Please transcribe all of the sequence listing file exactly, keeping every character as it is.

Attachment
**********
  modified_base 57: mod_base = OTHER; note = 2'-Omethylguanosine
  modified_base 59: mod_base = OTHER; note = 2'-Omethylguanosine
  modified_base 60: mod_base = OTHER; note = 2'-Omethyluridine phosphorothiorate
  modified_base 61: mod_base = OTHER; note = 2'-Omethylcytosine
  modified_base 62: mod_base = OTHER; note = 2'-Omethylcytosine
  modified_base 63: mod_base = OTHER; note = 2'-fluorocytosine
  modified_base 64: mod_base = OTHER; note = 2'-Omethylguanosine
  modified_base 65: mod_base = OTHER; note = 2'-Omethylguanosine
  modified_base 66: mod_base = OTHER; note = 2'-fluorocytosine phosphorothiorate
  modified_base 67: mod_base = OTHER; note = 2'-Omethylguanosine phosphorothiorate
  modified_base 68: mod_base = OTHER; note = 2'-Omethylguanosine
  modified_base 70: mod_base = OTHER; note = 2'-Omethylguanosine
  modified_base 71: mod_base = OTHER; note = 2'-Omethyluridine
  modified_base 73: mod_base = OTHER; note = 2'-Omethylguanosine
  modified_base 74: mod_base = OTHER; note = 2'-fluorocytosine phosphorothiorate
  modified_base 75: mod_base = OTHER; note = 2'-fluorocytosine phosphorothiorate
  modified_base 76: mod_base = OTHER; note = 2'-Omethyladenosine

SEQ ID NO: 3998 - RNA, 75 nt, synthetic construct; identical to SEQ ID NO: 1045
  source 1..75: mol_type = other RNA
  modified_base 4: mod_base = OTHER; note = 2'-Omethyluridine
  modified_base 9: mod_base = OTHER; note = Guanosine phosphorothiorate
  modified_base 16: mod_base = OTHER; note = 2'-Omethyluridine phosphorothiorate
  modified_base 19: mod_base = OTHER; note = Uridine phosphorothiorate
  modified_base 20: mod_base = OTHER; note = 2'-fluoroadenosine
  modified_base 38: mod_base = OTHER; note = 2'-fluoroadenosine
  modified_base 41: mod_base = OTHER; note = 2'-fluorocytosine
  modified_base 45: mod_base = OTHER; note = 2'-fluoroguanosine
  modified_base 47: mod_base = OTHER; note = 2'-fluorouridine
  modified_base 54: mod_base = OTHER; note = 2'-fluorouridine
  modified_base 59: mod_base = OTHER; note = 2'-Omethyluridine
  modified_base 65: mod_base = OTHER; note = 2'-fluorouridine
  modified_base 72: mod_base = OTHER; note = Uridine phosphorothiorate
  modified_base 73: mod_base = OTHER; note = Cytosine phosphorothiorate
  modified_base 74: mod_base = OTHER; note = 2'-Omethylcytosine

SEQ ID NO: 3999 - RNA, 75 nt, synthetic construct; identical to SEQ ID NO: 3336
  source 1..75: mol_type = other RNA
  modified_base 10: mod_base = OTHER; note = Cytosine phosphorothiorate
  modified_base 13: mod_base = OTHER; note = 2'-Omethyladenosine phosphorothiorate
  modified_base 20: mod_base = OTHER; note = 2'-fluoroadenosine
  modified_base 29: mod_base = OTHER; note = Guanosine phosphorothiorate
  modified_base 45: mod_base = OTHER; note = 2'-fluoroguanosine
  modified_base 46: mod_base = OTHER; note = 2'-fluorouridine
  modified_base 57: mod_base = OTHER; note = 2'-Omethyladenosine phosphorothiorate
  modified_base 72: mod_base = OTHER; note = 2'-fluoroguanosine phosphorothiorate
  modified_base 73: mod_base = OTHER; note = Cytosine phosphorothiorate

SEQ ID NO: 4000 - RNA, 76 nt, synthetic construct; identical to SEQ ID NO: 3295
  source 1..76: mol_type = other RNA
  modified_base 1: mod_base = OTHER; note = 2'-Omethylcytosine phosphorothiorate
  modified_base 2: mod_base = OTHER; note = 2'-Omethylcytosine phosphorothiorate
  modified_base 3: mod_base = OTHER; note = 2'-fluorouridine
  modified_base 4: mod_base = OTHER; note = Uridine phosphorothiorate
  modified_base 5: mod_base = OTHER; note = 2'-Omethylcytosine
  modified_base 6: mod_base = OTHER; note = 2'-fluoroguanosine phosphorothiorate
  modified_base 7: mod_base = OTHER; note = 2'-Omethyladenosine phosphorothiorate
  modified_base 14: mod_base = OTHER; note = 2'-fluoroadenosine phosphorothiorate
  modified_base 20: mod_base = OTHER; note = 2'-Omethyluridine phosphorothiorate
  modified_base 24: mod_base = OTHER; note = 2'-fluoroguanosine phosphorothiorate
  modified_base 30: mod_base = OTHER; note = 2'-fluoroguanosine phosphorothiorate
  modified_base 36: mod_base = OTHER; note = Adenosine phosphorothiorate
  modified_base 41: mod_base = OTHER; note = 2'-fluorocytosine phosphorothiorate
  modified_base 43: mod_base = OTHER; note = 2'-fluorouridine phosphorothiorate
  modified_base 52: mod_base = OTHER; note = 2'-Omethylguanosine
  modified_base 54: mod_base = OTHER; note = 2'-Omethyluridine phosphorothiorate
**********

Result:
  modified_base 57: mod_base = OTHER; note = 2'-Omethylguanosine
  modified_base 59: mod_base = OTHER; note = 2'-Omethylguanosine
  modified_base 60: mod_base = OTHER; note = 2'-Omethyluridine phosphorothiorate
  modified_base 61: mod_base = OTHER; note = 2'-Omethylcytosine
  modified_base 62: mod_base = OTHER; note = 2'-Omethylcytosine
  modified_base 63: mod_base = OTHER; note = 2'-fluorocytosine
  modified_base 64: mod_base = OTHER; note = 2'-Omethylguanosine
  modified_base 65: mod_base = OTHER; note = 2'-Omethylguanosine
  modified_base 66: mod_base = OTHER; note = 2'-fluorocytosine phosphorothiorate
  modified_base 67: mod_base = OTHER; note = 2'-Omethylguanosine phosphorothiorate
  modified_base 68: mod_base = OTHER; note = 2'-Omethylguanosine
  modified_base 70: mod_base = OTHER; note = 2'-Omethylguanosine
  modified_base 71: mod_base = OTHER; note = 2'-Omethyluridine
  modified_base 73: mod_base = OTHER; note = 2'-Omethylguanosine
  modified_base 74: mod_base = OTHER; note = 2'-fluorocytosine phosphorothiorate
  modified_base 75: mod_base = OTHER; note = 2'-fluorocytosine phosphorothiorate
  modified_base 76: mod_base = OTHER; note = 2'-Omethyladenosine

SEQ ID NO: 3998 - RNA, 75 nt, synthetic construct; identical to SEQ ID NO: 1045
  source 1..75: mol_type = other RNA
  modified_base 4: mod_base = OTHER; note = 2'-Omethyluridine
  modified_base 9: mod_base = OTHER; note = Guanosine phosphorothiorate
  modified_base 16: mod_base = OTHER; note = 2'-Omethyluridine phosphorothiorate
  modified_base 19: mod_base = OTHER; note = Uridine phosphorothiorate
  modified_base 20: mod_base = OTHER; note = 2'-fluoroadenosine
  modified_base 38: mod_base = OTHER; note = 2'-fluoroadenosine
  modified_base 41: mod_base = OTHER; note = 2'-fluorocytosine
  modified_base 45: mod_base = OTHER; note = 2'-fluoroguanosine
  modified_base 47: mod_base = OTHER; note = 2'-fluorouridine
  modified_base 54: mod_base = OTHER; note = 2'-fluorouridine
  modified_base 59: mod_base = OTHER; note = 2'-Omethyluridine
  modified_base 65: mod_base = OTHER; note = 2'-fluorouridine
  modified_base 72: mod_base = OTHER; note = Uridine phosphorothiorate
  modified_base 73: mod_base = OTHER; note = Cytosine phosphorothiorate
  modified_base 74: mod_base = OTHER; note = 2'-Omethylcytosine

SEQ ID NO: 3999 - RNA, 75 nt, synthetic construct; identical to SEQ ID NO: 3336
  source 1..75: mol_type = other RNA
  modified_base 10: mod_base = OTHER; note = Cytosine phosphorothiorate
  modified_base 13: mod_base = OTHER; note = 2'-Omethyladenosine phosphorothiorate
  modified_base 20: mod_base = OTHER; note = 2'-fluoroadenosine
  modified_base 29: mod_base = OTHER; note = Guanosine phosphorothiorate
  modified_base 45: mod_base = OTHER; note = 2'-fluoroguanosine
  modified_base 46: mod_base = OTHER; note = 2'-fluorouridine
  modified_base 57: mod_base = OTHER; note = 2'-Omethyladenosine phosphorothiorate
  modified_base 72: mod_base = OTHER; note = 2'-fluoroguanosine phosphorothiorate
  modified_base 73: mod_base = OTHER; note = Cytosine phosphorothiorate

SEQ ID NO: 4000 - RNA, 76 nt, synthetic construct; identical to SEQ ID NO: 3295
  source 1..76: mol_type = other RNA
  modified_base 1: mod_base = OTHER; note = 2'-Omethylcytosine phosphorothiorate
  modified_base 2: mod_base = OTHER; note = 2'-Omethylcytosine phosphorothiorate
  modified_base 3: mod_base = OTHER; note = 2'-fluorouridine
  modified_base 4: mod_base = OTHER; note = Uridine phosphorothiorate
  modified_base 5: mod_base = OTHER; note = 2'-Omethylcytosine
  modified_base 6: mod_base = OTHER; note = 2'-fluoroguanosine phosphorothiorate
  modified_base 7: mod_base = OTHER; note = 2'-Omethyladenosine phosphorothiorate
  modified_base 14: mod_base = OTHER; note = 2'-fluoroadenosine phosphorothiorate
  modified_base 20: mod_base = OTHER; note = 2'-Omethyluridine phosphorothiorate
  modified_base 24: mod_base = OTHER; note = 2'-fluoroguanosine phosphorothiorate
  modified_base 30: mod_base = OTHER; note = 2'-fluoroguanosine phosphorothiorate
  modified_base 36: mod_base = OTHER; note = Adenosine phosphorothiorate
  modified_base 41: mod_base = OTHER; note = 2'-fluorocytosine phosphorothiorate
  modified_base 43: mod_base = OTHER; note = 2'-fluorouridine phosphorothiorate
  modified_base 52: mod_base = OTHER; note = 2'-Omethylguanosine
  modified_base 54: mod_base = OTHER; note = 2'-Omethyluridine phosphorothiorate